The Society for Human Resource Management Texas State Council (Texas SHRM) is co-sponsoring the Texas Business Conferences and offering professional development and Human Resources Certification Institute (HRCI) recertification credits for human resources professionals attending the conferences. Certificates for the Texas SHRM Professional Development Credits will be handed out to those attending the Texas Business Conference. Also, attorneys may receive up to six hours of Mandatory Continuing Legal Education (MCLE) credit (no ethics hours) if they attend the entire conference. In addition, certified public accountants who attend can earn six hours of continuing education credit, and other conference participants may qualify for general professional credit.

Retail jobs in San Antonio grow

January 2nd, 2019

The number of retail jobs in San Antonio are growing, according to labor statistics.

Employment increased by 155,000 in November, and the unemployment rate remained unchanged at 3.7 percent, the U.S. Bureau of Labor Statistics reported. Job gains occurred in health care, in manufacturing, and in transportation and warehousing.

In November, the unemployment rate was 3.7 percent for the third month in a row, and the number of unemployed persons was little changed at 6.0 million. Over the year, the unemployment rate and the number of unemployed persons declined by 0.4 percentage point and 641,000, respectively.

Payroll employment increased by 155,000 in November, compared with an average monthly gain of 209,000 over the prior 12 months. In November, job gains occurred in health care, in manufacturing, and in transportation and warehousing. (See table B-1.) Health care employment rose by 32,000 in November.

Within the industry, job gains occurred in ambulatory health care services (+19,000) and hospitals (+13,000). Over the year, health care has added 328,000 jobs. In November, manufacturing added 27,000 jobs, with increases in chemicals (+6,000) and primary metals (+3,000).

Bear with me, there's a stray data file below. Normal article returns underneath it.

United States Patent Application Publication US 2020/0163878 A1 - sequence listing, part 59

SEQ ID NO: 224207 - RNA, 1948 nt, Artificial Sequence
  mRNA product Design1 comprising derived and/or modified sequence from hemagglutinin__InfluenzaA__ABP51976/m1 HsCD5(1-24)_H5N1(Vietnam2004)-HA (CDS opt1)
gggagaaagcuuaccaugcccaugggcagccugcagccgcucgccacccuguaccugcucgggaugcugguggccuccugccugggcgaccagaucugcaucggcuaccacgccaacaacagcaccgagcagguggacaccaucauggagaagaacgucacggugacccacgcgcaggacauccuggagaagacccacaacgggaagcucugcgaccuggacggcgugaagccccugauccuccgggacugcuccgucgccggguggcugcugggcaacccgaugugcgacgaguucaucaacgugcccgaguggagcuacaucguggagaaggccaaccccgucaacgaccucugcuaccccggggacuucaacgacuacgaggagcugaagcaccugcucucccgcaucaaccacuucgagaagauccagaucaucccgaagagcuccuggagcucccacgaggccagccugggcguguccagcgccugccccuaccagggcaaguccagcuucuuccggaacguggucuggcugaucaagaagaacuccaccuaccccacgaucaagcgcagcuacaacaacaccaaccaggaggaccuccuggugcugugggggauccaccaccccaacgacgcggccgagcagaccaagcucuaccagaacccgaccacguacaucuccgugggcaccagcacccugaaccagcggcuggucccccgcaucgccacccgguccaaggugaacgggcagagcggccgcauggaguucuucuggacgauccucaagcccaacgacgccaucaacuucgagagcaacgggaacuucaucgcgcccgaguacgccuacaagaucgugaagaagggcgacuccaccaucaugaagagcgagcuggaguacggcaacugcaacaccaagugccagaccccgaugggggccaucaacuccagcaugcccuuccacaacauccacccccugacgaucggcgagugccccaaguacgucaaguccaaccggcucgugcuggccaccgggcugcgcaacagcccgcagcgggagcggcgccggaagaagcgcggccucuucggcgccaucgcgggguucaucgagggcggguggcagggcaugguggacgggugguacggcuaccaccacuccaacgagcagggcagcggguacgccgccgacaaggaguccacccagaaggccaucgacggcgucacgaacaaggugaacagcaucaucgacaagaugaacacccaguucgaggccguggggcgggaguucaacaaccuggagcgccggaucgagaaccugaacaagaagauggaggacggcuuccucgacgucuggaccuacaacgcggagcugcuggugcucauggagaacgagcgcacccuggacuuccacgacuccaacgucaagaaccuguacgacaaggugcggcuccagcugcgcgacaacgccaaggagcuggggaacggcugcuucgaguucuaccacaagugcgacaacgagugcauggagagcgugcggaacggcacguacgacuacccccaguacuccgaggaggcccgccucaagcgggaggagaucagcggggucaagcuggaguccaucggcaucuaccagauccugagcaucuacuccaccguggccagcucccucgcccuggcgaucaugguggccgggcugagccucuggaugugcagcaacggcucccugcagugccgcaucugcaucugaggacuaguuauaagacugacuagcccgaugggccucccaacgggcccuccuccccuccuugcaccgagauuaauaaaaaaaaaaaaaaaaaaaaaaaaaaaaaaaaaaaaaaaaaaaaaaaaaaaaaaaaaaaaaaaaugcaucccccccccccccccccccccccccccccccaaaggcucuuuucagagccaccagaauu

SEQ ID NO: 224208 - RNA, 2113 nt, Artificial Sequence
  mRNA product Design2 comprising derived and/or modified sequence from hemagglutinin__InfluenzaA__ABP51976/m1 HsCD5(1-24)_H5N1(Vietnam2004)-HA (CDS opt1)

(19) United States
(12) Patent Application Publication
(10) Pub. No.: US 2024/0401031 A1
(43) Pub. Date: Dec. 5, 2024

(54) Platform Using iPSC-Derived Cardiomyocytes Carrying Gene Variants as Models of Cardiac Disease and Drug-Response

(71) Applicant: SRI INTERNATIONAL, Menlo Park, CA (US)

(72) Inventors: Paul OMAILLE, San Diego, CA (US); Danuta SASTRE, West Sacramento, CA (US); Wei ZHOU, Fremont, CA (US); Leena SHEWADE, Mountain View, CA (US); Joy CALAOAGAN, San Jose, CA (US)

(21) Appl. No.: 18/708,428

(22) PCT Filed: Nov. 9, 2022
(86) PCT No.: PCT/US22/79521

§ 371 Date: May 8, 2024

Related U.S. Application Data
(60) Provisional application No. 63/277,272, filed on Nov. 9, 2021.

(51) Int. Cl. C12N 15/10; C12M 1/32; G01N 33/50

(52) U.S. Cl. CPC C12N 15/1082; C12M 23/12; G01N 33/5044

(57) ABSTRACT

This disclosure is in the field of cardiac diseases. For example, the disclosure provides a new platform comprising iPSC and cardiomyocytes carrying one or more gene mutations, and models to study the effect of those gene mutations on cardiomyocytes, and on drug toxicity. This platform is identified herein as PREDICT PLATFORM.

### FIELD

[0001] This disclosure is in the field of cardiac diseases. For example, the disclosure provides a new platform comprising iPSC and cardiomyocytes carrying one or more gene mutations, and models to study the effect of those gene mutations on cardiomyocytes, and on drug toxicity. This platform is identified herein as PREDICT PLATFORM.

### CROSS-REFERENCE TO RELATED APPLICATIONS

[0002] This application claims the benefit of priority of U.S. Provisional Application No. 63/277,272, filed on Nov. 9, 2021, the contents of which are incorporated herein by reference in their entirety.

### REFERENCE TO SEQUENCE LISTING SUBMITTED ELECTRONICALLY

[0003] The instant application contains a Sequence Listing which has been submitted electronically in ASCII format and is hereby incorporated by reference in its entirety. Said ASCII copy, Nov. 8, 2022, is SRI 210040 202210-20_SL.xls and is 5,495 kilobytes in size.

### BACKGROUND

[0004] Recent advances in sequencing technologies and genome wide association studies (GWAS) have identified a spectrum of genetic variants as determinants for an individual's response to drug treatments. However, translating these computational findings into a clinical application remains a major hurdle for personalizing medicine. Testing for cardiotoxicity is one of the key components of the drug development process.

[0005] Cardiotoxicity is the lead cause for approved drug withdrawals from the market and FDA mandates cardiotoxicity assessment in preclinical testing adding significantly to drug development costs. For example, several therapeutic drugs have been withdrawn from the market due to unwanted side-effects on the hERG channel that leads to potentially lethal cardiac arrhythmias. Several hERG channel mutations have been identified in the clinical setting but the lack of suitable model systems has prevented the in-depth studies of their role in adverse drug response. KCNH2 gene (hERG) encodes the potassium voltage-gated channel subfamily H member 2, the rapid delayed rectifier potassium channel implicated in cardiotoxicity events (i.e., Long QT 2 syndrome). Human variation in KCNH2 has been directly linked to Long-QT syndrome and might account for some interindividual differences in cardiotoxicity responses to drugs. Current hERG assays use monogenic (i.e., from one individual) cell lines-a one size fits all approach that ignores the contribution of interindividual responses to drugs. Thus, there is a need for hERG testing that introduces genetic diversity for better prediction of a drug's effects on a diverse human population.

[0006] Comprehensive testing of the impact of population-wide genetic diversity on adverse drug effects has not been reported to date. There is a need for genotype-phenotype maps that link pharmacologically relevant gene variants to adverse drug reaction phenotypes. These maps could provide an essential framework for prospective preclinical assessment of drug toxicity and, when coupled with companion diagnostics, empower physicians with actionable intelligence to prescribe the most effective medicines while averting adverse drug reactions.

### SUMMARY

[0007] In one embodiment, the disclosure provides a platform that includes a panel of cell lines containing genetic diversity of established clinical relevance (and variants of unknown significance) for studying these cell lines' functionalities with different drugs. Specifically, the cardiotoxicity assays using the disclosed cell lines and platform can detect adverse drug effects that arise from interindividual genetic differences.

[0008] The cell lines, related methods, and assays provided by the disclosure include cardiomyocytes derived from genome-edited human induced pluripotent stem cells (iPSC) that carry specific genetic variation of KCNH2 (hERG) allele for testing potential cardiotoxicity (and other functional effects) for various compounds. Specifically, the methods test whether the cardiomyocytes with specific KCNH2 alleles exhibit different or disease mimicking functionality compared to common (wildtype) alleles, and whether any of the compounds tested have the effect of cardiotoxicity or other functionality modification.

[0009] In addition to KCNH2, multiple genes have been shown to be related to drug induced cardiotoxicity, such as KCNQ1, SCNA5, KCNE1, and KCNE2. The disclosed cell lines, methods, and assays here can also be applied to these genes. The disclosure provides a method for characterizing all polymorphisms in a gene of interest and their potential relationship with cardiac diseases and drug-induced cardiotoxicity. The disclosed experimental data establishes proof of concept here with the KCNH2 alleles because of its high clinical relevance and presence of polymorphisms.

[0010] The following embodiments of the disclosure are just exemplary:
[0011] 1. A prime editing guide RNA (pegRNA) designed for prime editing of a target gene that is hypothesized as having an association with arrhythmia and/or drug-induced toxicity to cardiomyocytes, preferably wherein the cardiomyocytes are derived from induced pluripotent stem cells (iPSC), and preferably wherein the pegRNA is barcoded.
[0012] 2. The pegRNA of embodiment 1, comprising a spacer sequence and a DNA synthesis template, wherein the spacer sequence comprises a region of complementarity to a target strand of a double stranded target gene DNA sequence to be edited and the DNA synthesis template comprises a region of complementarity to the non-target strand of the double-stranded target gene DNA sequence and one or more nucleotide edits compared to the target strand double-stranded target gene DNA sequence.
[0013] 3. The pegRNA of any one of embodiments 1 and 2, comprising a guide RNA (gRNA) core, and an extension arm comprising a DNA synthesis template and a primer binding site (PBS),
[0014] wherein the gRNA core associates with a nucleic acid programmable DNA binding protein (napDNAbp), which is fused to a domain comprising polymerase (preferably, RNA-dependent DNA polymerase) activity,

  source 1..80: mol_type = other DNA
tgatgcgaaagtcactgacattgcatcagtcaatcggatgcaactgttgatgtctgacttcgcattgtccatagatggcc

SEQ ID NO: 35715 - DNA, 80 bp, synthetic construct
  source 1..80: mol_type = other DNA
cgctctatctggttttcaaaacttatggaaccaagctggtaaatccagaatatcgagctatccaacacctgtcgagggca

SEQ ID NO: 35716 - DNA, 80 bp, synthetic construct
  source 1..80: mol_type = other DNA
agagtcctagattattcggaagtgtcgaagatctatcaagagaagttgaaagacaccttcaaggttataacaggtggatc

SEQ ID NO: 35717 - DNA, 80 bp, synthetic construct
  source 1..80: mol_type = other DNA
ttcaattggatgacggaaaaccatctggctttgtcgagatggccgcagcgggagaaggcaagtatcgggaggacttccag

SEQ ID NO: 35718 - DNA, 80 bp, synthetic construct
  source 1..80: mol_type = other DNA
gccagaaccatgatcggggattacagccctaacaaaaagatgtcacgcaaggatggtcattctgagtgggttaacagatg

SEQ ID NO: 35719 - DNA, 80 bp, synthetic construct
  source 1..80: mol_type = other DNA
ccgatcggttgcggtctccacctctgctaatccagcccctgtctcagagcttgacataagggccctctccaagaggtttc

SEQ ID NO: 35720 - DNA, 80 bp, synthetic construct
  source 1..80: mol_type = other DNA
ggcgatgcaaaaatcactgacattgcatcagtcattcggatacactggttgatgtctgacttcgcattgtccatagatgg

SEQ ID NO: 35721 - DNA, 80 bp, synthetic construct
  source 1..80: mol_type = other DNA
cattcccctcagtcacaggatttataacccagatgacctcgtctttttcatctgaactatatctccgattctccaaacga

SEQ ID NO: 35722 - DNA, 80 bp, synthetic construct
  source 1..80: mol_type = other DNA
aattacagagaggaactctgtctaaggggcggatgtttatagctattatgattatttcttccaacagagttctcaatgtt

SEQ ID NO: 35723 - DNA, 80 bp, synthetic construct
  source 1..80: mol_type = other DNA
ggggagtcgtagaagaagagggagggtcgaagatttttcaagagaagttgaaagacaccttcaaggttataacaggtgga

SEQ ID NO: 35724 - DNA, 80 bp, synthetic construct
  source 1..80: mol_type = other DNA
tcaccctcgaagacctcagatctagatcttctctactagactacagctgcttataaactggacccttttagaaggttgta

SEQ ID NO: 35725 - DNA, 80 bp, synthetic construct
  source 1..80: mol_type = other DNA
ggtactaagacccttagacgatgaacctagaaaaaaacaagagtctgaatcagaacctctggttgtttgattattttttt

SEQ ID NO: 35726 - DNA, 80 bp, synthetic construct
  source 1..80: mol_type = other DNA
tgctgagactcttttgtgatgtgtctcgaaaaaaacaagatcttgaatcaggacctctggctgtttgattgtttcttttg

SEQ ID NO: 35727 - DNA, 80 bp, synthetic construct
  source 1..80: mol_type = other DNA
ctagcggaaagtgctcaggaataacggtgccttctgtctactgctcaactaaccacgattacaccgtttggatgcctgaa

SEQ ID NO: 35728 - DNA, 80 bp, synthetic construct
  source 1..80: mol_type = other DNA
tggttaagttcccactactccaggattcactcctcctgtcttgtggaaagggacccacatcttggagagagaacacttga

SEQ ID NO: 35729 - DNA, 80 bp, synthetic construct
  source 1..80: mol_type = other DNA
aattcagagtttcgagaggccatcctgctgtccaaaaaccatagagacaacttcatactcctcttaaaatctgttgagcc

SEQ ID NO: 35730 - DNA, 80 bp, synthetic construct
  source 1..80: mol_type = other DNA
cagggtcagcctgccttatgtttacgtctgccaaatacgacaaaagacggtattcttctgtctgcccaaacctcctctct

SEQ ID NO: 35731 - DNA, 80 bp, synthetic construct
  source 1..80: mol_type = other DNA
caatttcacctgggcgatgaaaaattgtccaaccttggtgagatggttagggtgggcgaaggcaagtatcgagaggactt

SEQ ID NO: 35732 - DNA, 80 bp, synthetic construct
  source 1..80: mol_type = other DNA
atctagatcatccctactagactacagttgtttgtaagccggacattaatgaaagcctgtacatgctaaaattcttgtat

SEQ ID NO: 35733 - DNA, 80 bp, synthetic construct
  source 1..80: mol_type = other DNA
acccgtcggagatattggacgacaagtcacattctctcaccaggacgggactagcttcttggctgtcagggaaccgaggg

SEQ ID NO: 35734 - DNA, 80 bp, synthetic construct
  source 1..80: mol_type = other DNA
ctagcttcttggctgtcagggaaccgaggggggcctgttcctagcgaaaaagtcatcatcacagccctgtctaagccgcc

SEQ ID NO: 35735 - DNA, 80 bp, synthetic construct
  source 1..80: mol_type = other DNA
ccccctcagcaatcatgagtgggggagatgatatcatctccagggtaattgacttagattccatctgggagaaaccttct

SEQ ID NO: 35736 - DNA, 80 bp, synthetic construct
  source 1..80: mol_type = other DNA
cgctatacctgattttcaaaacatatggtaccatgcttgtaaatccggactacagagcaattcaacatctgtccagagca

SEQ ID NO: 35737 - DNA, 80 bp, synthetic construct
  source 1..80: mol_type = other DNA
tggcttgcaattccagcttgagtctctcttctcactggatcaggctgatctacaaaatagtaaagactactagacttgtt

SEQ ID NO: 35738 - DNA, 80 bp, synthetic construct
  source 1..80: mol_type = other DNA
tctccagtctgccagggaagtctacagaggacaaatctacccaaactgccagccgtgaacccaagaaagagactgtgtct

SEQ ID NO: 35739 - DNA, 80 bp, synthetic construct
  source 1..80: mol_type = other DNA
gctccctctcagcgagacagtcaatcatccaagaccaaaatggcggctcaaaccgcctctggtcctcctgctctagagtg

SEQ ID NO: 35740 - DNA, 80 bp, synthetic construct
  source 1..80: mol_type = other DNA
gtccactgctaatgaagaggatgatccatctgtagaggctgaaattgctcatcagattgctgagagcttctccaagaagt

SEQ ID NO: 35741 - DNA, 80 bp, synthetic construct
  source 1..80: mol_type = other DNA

Manufacturing employment has increased by 288,000 over the year, largely in durable goods industries. Employment in transportation and warehousing rose by 25,000 in November. Job gains occurred in couriers and messengers (+10,000) and in warehousing and storage (+6,000). Over the year, transportation and warehousing has added 192,000 jobs. In November, employment in professional and business services continued on an upward trend (+32,000). The industry has added 561,000 jobs over the year.

Retail trade employment changed little in November (+18,000). Job growth occurred in general merchandise stores (+39,000) and miscellaneous store retailers (+10,000).

These gains were offset, in part, by declines in clothing and clothing accessories stores (-14,000); electronics and appliance stores(-11,000); and sporting goods, hobby, and book stores (-11,000).

Employment in other major industries–including mining, construction, wholesale trade, information, financial activities, leisure and hospitality, and government–showed little change over the month.

Unemployment insurance tax to affect San Antonio jobs

December 9th, 2018

The average unemployment insurance (UI) tax rate for all employers will be 1.25 percent for calendar year (CY) 2019, dropping from 1.37 percent in CY 2018 to its lowest point since 2009, a move that will affect San Antonio jobs. The average tax rate for experience-rated employers is 1.06 percent for CY 2019, and is down from 1.20 percent in CY 2018.

The minimum tax rate is paid by 340,158 employers, which represents 65.6 percent of experience-rated employers. The standard minimum UI tax rate paid by Texas employers in CY 2019 will be 0.36 percent, which is down from 0.46 percent in CY 2018. These employer-paid UItaxes replenish the Texas Unemployment Compensation Trust Fund, which provides temporary income for Texas workers who lose their jobs through no fault of their own.